Language of Design: Pet Peeves

I have posted comments elsewhere that express a pet peeve of mine regarding how we describe the design of certain watches.  Most of us are not designers, architects, or art historians. We use imprecise terms to describe design elements that we like or dislike in watches.

Using architectural terms to describe watches is usually inaccurate. It is like nails on a chalkboard every time I see something described as Art Deco or Bauhaus. Not every vintage tank watch is Art Deco. Very few watches fit any recognized definition of Art Deco.  Here is one taken from the internet:

1934Front-IMG_4701.jpg

Rectangular shape, accented by curved elements, made before 1940. Yes, this could have been worn in Havana or Miami in the 1930's. (What is fascinating is that the Bulova designer knew to simplify the dial for such an ornate case.)

Pre-war watches are not necessarily Art Deco.  There are Craftsman elements that are just as strong in many of those designs.  And Craftsman is just a step past Art Nouveau and Belle Epoque (Mercedes hands anyone?).  Post-war watches are usually not Art Deco in any meaningful sense. Perhaps, they do not easily fit a particular style.

There is another recent thread on the merits of Nomos.  Nomos is minimalist, Bauhaus inspired, and definitely German.  Bauhaus was as much a design style as architectural one.  (You can have a Bauhaus toaster more than you can have a Prairie School toaster.)  As a movement it lasted decades longer than Art Deco. But like all trends it had an end, even if its influence had a longer tail.  Nomos interprets the language of Bauhaus, but it is a simulacrum. It is every bit a work of nostalgia as a Timex Marlin reissue.

I think that my objection is that we just categorize watches based on our limited understanding of design language. Perhaps, the designers and architects can help us out here. Perhaps, I am just wrong and need watch design patiently explained to me.

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I can definitely tell that the Seiko I'm wearing today was heavily influenced by late twentieth century cost-minimalism.

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hbein2022

I can definitely tell that the Seiko I'm wearing today was heavily influenced by late twentieth century cost-minimalism.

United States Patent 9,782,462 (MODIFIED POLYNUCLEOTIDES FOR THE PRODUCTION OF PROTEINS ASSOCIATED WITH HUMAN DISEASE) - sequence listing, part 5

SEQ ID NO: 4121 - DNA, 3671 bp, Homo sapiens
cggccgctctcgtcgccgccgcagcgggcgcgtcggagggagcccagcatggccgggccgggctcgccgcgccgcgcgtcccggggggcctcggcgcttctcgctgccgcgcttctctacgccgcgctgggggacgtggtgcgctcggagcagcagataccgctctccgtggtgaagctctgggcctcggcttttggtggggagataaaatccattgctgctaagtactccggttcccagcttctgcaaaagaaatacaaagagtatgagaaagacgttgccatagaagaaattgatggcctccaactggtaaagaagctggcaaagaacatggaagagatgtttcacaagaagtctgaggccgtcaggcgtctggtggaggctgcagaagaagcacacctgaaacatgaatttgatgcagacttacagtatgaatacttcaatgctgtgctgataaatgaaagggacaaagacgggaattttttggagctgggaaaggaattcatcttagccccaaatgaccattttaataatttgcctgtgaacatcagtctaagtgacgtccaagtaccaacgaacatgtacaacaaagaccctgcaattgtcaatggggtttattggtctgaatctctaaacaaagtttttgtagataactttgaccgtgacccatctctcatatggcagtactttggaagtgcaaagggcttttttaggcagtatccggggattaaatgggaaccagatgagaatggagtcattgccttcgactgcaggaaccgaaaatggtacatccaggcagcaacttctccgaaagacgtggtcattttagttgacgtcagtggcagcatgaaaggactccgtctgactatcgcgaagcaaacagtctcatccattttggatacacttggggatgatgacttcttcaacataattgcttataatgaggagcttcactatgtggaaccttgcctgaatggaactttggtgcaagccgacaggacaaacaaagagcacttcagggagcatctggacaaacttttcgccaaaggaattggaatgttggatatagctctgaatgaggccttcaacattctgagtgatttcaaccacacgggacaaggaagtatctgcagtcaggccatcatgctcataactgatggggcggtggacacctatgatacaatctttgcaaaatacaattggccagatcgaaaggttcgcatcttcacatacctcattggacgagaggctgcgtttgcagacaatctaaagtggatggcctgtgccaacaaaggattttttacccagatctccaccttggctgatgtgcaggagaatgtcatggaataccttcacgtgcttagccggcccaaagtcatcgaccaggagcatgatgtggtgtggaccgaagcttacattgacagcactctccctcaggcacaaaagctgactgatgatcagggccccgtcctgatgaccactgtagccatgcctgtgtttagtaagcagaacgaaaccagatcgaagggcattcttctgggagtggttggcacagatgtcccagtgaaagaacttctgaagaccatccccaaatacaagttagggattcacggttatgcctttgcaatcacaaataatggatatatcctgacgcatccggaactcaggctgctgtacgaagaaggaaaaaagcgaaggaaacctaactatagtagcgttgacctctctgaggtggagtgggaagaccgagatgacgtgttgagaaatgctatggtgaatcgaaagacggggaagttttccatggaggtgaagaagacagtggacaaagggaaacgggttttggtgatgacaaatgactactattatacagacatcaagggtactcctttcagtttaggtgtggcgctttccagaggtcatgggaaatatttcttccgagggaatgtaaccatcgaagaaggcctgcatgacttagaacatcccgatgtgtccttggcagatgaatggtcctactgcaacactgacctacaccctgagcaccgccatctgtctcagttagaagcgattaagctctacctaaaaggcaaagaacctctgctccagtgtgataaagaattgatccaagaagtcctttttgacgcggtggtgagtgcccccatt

OMG, I'm dying laughing here!

Milk Out Of Nose GIFs | Tenor
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Another language discussion, so of course I am commenting. :) There is plenty of imprecision, for sure. I think it can be difficult situating watches given the way the individual objects cross time periods and localities unlike buildings that tend to stay put in place. Look at the Wikipedia entry for the Arts and Crafts movement. You will see within reference to Modernism, Art Nouveau, Art Deco, and Craftsman design. There is so much spilling over and backward references from one to the other and then very localized versions of each. Time and geography play such an important point both in the source of design and in their interpretation.

With contemporary designs things become even messier because we don’t have a word for what we are in the midst of, but also because designers (both those who are knowledgeable of design history and those who are not) are constantly trying to reproduce and/or update ideas from the past. So, we get language applied to these new designs and then people use that to reference vintage watches, often making errors along the way. You know what they say about a little bit of knowledge. :) And not every eBay seller knows their design history or cares to and that can make search super difficult.

Something that I have found fascinating (and frustrating) about the watch world in this past year that I have been observing it is how so many watches have been built with little designer-y design involved. There are a lot of engineered designs (spec focused) in the contemporary space, particularly with microbrands, that seem to place little value in knowing the basics of graphic design when it comes to selecting a typeface, kerning, placement, etc. for the words and other elements on a dial or even the logo for a company.